US inflation held steady from September last month, signaling that the Federal Reserve’s interest rate hiking campaign is finally over.
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The consumer price index (CPI), which measures prices of common goods and services, rose 0.4% in October, according to a Bureau of Labor Statistics (BLS) report published today (Nov. 14). Over the past 12 months, the CPI climbed 3.2% before seasonal adjustment.
Lower gas prices helped drive down inflation but were offset by rising rents, the BLS said.
“It now looks safe to plan your holiday parties on December FOMC week,” Michael Feroli, chief US economist for J.P. Morgan, said in a note, referring to the Fed’s quarterly policy meeting. Feroli added that with the personal consumption expenditures index (PCE) tracking lower for the final quarter of the year and unemployment ticking a tenth of a percent higher, the Federal Reserve would be hard-pressed to justify any more rate increases.
Wall Street analysts nearly all agree that the hikes are over based on today’s report, with analysts from Wells Fargo and Bank of America arguing the Fed is truly done, keeping in mind that inflation is still way off the 2% target.
The stock market is certainly celebrating, with the Dow Jones Industrial Average soaring 500 points in the wake of the news.
When will the rates cut start?
Morningstar analysts predict that interest rates will start coming down at the first Fed meeting of 2024 next March, with the benchmark rate falling to 2% by 2025.
However, mortgage rates might not ease until second half of next year.
The Federal National Mortgage Association (Fannie Mae) isn’t expecting 30-year mortgage rates to dip below 7% until the third quarter of 2024. Its October housing forecast also predicts that mortgage rates will stay higher for longer, averaging 6.8% in 2023 and 6.9% in 2024.
“We expect the higher mortgage rate environment to continue to dampen housing activity and further complicate housing affordability into 2024,” Doug Duncan, Fannie Mae’s chief economist, said in a statement.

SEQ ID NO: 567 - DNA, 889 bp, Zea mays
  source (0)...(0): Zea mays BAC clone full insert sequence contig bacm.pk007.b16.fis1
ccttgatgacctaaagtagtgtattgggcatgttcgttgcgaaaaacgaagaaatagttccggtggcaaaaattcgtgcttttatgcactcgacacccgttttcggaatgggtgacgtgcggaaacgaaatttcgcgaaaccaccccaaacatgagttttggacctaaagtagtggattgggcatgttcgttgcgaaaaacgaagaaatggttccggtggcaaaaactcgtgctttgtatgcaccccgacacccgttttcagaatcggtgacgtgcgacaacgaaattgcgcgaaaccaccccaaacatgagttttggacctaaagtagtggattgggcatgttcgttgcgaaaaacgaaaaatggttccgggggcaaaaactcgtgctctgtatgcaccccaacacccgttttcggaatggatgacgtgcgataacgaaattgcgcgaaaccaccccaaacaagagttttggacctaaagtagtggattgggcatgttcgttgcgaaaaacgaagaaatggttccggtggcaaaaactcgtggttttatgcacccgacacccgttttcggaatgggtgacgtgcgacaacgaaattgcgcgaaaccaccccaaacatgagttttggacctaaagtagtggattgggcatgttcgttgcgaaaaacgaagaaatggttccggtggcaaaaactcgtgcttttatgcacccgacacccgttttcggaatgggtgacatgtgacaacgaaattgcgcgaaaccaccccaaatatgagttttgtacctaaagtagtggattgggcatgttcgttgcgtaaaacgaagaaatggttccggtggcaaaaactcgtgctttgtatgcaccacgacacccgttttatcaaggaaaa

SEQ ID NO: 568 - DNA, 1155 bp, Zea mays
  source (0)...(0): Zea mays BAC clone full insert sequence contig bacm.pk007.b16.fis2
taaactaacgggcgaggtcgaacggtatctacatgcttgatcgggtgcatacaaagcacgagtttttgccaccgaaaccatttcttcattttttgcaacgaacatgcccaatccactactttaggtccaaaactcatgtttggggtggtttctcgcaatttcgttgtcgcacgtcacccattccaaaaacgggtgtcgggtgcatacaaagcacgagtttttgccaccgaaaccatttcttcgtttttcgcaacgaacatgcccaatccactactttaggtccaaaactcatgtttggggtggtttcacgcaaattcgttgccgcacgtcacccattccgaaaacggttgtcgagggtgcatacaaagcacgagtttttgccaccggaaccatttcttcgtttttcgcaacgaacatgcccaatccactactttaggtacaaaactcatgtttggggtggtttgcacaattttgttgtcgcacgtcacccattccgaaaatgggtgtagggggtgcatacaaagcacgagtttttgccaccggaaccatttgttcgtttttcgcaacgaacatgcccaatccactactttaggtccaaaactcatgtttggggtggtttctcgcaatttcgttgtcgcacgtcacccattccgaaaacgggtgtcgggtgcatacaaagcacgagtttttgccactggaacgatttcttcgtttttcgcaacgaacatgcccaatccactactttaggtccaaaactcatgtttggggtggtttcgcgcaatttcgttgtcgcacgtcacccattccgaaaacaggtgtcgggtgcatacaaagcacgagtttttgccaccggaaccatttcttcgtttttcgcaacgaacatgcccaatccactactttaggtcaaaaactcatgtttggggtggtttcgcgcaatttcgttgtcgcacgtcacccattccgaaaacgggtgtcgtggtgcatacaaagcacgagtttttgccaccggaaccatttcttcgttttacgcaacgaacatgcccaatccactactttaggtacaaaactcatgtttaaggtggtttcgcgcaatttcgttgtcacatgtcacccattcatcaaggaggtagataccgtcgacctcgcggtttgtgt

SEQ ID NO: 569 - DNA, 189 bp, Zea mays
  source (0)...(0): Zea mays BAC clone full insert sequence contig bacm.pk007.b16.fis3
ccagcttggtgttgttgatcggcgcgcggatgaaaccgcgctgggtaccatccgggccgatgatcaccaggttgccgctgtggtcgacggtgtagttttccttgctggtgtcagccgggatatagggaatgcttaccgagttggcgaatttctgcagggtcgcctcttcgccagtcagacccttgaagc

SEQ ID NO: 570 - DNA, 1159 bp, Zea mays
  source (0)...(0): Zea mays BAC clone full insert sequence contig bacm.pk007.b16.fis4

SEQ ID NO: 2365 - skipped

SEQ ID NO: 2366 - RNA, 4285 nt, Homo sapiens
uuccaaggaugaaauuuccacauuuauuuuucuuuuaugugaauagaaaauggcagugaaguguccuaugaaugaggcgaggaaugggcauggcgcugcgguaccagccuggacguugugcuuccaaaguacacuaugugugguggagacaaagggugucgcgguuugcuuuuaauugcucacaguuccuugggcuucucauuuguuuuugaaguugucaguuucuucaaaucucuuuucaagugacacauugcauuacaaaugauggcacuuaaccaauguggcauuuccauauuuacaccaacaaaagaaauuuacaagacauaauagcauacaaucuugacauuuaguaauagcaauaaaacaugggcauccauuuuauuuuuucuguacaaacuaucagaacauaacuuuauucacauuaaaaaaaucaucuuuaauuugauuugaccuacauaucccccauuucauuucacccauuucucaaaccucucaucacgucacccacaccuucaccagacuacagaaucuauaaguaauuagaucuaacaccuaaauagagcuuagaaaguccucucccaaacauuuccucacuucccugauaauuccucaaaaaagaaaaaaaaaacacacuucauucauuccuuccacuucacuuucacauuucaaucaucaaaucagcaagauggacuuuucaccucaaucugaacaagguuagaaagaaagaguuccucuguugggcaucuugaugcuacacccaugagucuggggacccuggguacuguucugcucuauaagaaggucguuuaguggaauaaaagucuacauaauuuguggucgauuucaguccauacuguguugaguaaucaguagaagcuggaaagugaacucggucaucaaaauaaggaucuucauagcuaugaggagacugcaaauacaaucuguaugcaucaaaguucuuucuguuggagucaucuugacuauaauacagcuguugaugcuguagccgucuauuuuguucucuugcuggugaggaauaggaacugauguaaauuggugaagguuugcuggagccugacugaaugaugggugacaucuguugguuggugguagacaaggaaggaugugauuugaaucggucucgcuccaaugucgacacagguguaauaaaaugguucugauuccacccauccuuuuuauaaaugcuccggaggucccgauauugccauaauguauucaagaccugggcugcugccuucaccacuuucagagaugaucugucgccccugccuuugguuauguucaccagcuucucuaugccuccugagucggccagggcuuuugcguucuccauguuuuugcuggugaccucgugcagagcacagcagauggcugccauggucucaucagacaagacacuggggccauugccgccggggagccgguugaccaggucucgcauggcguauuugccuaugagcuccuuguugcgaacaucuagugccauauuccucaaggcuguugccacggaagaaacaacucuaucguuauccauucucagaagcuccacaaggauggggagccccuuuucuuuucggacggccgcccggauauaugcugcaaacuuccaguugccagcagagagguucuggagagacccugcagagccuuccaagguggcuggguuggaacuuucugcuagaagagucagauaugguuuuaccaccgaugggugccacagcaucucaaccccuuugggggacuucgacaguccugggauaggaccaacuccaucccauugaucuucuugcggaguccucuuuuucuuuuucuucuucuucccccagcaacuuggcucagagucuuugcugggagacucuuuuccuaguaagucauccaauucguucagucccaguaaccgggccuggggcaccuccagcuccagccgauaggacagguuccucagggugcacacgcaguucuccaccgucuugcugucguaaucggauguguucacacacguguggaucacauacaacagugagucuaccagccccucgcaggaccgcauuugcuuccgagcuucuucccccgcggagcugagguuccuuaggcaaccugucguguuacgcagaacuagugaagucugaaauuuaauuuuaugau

While wannabe homeowners might have to consider delaying their plans or buy now and refinance later, the economic picture looks bright.
Goldman Sachs has one of the rosiest views, predicting the global economy will expand 2.6% next year. Its forecast sees the US growing 2.1% by the end of next year, the euro zone expanding 0.9%, China up 4.8%, and India up 6.3%. That’s assuming inflation cools and job growth remains robust.
“We don’t think the last mile of disinflation will be particularly hard,” Goldman’s chief economist, Jan Hatzius, said in the bank’s 2024 outlook.
The “most novel reason” to be optimistic about GDP growth is that central banks don’t need a recession to bring inflation down and will try hard to avoid one, Hatzius added. That means the Fed can use rate cuts as a tool to boost the economy if it slows.
But what about consumers’ feelings?
Forget economic numbers. The elephant in the room is how we feel, because that ultimately drives how we spend.
While analysts are trying hard to convince us that everything is great, US consumers—including billionaires—feel more negative than they did pre-pandemic, even though people feel good about the prospect of not losing their jobs.
Rent stubbornly rose 0.5% in October, climbing at the same pace for the third straight month. Although rent is up 7.2% over the past year, that’s lower than the high of 8.8% in April. Still, both individual and business tenants are feeling the pinch.
In an October survey, the National Federation of Independent Business (NFIB) found that while small US businesses are recovering, they aren’t very optimistic about the rest of 2023.
“Small business owners are not growing their inventories as labor and energy costs are not falling, making it a gloomy outlook for the remainder of the year,” said NFIB chief economist Bill Dunkelberg in the report.
The gloom and doom may catch up to the economic data, but until then, perhaps all US consumers need is some Taylor Swift to make them feel good about spending again.
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